RALEIGH, N.C. (WNCN) – On any given day crossing Duraleigh and Pleasant Valley roads in Raleigh can be tough – and even dangerous.
“It’s a challenge. It’s a risk, it’s really a risk to your life at times,” said David Lynch who regularly walks the route.
There are crosswalks and pedestrian signals but, Lynch doesn’t see it as a guarantee that drivers will stop.
“Even when you have the go-ahead, you have to pay a lot of attention in all directions because people here drive kind of aggressively to put it mildly,” said Lynch.
Raleigh Police Officer Derek Morris, who works as a crash investigator for the Department, recalls a crash in January where a driver hit a woman downtown crossing at McDowell and West Lane streets.
The pedestrian later died because of her injuries.
“Having to deliver that death notification is one the hardest things you’ll have to do – telling a family that their loved one is not coming home,” said Morris.
In a separate incident, surveillance video caught a car crashing into seven people on a downtown Raleigh sidewalk in October 2018.
Morris said incidents can be even more severe in other areas of Raleigh.
“So the injuries in the pedestrian crashes are more severe once you get outside of downtown. And that’s where we see more of our fatality crashes is outside of downtown and that always correlates with speed,” he said.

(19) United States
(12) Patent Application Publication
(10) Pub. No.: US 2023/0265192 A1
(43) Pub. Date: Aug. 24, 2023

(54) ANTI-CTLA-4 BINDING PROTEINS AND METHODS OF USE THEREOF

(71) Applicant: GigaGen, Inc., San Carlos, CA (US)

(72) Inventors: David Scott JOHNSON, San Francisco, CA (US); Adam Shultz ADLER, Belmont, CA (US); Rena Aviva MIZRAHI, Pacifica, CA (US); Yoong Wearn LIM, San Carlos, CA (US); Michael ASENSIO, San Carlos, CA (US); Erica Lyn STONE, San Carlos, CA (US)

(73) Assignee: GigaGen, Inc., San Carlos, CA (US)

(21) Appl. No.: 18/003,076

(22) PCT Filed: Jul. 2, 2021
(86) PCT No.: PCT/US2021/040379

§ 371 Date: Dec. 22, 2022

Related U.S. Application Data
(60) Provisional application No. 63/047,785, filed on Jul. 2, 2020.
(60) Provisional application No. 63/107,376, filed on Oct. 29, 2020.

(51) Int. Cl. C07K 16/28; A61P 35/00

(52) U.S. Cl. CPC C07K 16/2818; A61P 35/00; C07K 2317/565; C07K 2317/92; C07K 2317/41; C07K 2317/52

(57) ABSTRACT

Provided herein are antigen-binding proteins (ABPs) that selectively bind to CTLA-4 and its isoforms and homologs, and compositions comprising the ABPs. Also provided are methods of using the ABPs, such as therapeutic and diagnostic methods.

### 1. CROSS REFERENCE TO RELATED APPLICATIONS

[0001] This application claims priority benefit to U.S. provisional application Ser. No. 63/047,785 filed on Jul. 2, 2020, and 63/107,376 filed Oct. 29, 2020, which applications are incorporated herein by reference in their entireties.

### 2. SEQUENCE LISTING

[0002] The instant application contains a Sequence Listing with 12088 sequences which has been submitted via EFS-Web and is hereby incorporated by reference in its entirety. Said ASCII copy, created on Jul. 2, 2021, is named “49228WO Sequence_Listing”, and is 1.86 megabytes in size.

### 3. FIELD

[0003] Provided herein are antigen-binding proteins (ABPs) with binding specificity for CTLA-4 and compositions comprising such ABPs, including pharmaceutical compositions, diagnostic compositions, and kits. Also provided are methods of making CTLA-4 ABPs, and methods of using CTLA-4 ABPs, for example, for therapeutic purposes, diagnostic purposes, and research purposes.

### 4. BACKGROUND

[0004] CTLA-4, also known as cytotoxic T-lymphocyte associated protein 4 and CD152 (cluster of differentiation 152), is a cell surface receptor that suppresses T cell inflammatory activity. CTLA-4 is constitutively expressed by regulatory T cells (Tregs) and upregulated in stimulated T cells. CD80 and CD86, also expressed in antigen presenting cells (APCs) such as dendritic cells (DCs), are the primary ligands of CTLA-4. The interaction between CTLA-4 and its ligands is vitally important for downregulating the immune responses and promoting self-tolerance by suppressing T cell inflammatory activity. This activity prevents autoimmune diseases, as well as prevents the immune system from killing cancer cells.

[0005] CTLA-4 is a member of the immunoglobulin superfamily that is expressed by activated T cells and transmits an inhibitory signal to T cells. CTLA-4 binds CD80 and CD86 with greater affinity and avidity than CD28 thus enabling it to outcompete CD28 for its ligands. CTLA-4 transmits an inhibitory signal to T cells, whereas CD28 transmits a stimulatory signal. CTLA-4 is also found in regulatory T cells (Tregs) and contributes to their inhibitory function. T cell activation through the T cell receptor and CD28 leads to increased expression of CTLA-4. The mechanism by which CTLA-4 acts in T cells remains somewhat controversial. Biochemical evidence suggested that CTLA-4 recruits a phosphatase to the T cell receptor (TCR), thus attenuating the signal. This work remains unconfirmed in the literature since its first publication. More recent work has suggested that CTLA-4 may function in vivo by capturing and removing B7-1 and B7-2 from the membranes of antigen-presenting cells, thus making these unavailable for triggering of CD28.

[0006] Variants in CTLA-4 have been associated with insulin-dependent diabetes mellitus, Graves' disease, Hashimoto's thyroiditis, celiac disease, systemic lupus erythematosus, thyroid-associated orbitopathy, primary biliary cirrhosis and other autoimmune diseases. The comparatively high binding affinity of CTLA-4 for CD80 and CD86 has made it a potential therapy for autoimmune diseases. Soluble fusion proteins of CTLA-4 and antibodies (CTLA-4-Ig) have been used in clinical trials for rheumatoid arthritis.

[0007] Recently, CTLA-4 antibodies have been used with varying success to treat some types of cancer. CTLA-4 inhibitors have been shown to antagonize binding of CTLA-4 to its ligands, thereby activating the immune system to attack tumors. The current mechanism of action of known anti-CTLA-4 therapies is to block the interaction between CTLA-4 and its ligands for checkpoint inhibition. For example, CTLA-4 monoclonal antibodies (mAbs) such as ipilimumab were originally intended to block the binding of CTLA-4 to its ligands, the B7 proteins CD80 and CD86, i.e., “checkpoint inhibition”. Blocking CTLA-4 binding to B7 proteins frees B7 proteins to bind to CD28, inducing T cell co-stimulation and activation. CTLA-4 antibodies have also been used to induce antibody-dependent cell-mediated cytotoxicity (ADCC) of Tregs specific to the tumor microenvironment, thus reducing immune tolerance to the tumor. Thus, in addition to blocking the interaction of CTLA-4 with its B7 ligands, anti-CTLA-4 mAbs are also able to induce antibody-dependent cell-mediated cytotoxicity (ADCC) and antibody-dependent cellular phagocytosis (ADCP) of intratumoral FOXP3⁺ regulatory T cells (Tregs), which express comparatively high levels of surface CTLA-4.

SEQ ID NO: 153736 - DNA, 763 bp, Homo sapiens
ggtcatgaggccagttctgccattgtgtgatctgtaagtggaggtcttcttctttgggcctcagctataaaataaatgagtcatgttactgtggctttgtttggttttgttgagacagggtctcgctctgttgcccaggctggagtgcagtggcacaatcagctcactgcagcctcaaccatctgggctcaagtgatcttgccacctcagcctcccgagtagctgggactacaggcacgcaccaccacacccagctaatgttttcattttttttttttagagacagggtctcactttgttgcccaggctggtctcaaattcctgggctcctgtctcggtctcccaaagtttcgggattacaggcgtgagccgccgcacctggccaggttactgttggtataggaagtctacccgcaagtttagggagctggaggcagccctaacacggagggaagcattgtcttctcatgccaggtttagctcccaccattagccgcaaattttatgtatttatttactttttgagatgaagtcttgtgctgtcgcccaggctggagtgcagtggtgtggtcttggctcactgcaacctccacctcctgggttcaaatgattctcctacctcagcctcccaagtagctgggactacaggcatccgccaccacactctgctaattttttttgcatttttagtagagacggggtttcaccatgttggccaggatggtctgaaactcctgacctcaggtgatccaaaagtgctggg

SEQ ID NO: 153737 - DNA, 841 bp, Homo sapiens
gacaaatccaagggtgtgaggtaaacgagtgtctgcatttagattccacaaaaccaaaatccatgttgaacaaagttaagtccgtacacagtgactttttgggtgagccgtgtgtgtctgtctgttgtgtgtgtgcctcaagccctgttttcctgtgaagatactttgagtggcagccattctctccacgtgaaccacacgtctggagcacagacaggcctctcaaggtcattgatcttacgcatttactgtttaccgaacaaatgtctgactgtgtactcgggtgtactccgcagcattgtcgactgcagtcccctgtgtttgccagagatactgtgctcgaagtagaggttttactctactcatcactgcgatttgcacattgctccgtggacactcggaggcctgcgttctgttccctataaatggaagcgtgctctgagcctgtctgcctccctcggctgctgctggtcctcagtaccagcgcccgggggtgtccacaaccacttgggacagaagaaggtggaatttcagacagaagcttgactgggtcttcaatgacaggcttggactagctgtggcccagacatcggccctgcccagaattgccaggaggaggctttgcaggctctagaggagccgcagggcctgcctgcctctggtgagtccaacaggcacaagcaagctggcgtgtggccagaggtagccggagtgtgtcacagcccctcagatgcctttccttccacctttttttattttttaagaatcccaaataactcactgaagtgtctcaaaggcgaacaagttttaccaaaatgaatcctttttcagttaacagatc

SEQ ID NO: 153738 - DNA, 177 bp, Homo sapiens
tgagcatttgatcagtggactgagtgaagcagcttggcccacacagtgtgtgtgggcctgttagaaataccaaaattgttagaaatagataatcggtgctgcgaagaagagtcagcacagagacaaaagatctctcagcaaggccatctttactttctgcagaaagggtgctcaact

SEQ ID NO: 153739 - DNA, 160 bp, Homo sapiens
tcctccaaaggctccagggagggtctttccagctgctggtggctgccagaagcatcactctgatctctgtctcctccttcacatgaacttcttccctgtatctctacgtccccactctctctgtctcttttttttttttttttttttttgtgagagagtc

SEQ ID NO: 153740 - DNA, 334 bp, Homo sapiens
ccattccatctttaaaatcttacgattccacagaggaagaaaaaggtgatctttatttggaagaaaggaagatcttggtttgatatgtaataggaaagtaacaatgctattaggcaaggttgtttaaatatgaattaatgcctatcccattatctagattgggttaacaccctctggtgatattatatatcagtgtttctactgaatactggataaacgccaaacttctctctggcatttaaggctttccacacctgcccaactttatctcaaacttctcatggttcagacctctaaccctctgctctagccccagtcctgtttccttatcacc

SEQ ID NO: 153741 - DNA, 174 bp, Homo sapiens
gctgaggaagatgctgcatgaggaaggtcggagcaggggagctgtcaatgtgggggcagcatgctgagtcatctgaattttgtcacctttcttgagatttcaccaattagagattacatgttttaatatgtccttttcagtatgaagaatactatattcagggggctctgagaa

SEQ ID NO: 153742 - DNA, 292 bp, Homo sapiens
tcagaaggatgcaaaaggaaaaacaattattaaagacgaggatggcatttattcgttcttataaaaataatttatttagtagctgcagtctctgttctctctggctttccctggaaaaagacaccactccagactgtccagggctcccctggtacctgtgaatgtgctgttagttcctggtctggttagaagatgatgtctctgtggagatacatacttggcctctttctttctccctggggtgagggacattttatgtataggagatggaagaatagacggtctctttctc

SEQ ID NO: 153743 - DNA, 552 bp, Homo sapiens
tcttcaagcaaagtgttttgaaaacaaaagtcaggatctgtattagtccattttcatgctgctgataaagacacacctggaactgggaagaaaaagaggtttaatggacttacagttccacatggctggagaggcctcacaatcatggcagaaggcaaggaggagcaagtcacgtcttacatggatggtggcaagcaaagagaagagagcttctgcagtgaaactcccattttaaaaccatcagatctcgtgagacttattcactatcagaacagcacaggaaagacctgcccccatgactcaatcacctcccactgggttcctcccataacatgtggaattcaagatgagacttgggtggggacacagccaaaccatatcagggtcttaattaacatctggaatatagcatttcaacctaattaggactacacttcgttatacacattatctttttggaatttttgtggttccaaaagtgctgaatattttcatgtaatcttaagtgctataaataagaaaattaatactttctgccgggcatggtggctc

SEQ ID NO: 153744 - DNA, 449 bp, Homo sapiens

It can be confusing knowing who has the right of way.
By law, drivers making a right turn at a light have to let a pedestrian cross first.
Drivers are also supposed to stop for someone crossing within a crosswalk where there is no signal and no intersection.
But, that can be tricky.
CBS17 tried to do just that on Atlantic Avenue in front of the UPS facility.
Cars flew by without drivers seeming to notice someone is trying to cross.
CBS 17 also found the same to be true on our first attempt at a downtown crosswalk where there is no signal.
The responsibility is not just on the driver.
There are laws for pedestrians, too.
“Don’t always assume you have the right of way,” Morris said.
When you’re not at an intersection or a marked crosswalk, drivers have the right of way.
If there’s a sidewalk, the law says you should use it and not walk on the street.
Beyond the law, you just need to pay attention.
That means eyes off your phone and just as your mother told you as a child – look both ways.
“Most importantly, even when you have the right of way to make sure that that driver sees you before you enter the roadway just make sure they acknowledge that you’re there,” said Morris.
Which Lynch says he does.
“I don’t want to always be on the lookout for cars but. that’s the reality here in Raleigh,” said Morris.
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